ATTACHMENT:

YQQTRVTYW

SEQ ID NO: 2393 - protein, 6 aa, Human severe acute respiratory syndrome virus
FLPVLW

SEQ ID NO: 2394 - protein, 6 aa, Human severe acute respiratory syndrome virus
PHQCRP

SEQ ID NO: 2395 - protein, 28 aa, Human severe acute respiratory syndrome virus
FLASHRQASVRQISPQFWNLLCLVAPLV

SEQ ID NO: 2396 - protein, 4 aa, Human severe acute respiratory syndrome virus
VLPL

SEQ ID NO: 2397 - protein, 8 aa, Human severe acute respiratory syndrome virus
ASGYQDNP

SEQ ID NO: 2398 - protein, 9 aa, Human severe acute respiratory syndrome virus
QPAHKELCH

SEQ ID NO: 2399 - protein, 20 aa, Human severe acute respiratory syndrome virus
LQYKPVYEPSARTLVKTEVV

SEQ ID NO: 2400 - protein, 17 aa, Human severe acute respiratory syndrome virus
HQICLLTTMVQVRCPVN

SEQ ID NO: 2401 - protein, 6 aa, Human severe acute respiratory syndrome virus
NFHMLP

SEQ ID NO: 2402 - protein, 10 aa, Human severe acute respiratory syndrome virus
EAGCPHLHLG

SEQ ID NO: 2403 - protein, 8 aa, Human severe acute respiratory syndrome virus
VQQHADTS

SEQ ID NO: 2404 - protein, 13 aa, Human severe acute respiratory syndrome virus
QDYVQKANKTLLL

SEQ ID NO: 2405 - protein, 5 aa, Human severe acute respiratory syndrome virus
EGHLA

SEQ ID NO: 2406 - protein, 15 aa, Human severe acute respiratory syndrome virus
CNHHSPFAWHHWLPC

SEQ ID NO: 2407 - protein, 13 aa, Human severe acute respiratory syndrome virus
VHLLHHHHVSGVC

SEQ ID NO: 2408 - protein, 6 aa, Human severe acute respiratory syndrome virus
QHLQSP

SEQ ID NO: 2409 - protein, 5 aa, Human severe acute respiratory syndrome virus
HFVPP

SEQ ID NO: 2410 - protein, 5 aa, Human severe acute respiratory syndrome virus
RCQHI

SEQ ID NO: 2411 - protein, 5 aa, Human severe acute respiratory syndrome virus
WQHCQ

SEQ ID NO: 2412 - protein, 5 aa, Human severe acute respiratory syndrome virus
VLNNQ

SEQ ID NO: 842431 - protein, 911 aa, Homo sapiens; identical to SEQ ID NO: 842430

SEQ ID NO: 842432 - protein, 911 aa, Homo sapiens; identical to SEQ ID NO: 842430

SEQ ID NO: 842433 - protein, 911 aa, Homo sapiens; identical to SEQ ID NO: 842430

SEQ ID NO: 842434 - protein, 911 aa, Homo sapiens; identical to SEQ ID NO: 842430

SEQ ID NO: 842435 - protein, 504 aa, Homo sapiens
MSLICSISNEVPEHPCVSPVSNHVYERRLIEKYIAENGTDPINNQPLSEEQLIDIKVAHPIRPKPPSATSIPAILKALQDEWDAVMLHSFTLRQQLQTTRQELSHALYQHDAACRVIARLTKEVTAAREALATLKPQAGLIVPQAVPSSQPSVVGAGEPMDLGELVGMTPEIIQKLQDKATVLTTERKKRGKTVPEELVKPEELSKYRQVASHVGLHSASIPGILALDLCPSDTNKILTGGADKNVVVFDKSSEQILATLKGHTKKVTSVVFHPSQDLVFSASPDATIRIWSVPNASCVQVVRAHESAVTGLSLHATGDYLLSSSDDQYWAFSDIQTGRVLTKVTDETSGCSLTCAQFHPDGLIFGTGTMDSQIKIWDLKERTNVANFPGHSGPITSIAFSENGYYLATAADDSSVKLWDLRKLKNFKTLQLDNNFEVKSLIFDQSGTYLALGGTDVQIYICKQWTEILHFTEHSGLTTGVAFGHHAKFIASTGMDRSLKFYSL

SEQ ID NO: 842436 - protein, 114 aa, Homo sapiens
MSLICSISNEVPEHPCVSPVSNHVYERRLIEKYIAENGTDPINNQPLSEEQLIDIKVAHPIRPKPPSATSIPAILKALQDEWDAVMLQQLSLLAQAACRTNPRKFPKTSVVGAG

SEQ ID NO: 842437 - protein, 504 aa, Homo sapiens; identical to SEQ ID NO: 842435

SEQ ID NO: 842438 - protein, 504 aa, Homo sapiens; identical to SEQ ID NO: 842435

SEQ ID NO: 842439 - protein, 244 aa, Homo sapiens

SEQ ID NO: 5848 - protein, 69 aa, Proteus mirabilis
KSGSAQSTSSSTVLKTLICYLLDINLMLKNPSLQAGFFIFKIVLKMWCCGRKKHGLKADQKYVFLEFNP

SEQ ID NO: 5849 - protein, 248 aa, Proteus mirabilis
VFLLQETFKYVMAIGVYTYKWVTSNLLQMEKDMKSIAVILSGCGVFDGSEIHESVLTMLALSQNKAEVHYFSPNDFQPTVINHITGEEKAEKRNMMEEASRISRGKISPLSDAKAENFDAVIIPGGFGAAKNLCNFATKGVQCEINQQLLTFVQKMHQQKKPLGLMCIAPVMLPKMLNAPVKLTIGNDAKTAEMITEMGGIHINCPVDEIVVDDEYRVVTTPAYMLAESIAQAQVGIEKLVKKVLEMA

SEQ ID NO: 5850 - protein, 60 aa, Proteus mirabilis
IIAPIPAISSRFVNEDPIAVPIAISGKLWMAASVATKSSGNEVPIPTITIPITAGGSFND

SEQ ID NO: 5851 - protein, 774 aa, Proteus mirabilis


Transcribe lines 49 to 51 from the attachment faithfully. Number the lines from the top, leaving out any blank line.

MSLICSISNEVPEHPCVSPVSNHVYERRLIEKYIAENGTDPINNQPLSEEQLIDIKVAHPIRPKPPSATSIPAILKALQDEWDAVMLQQLSLLAQAACRTNPRKFPKTSVVGAG

SEQ ID NO: 842437 - protein, 504 aa, Homo sapiens; identical to SEQ ID NO: 842435

SEQ ID NO: 842438 - protein, 504 aa, Homo sapiens; identical to SEQ ID NO: 842435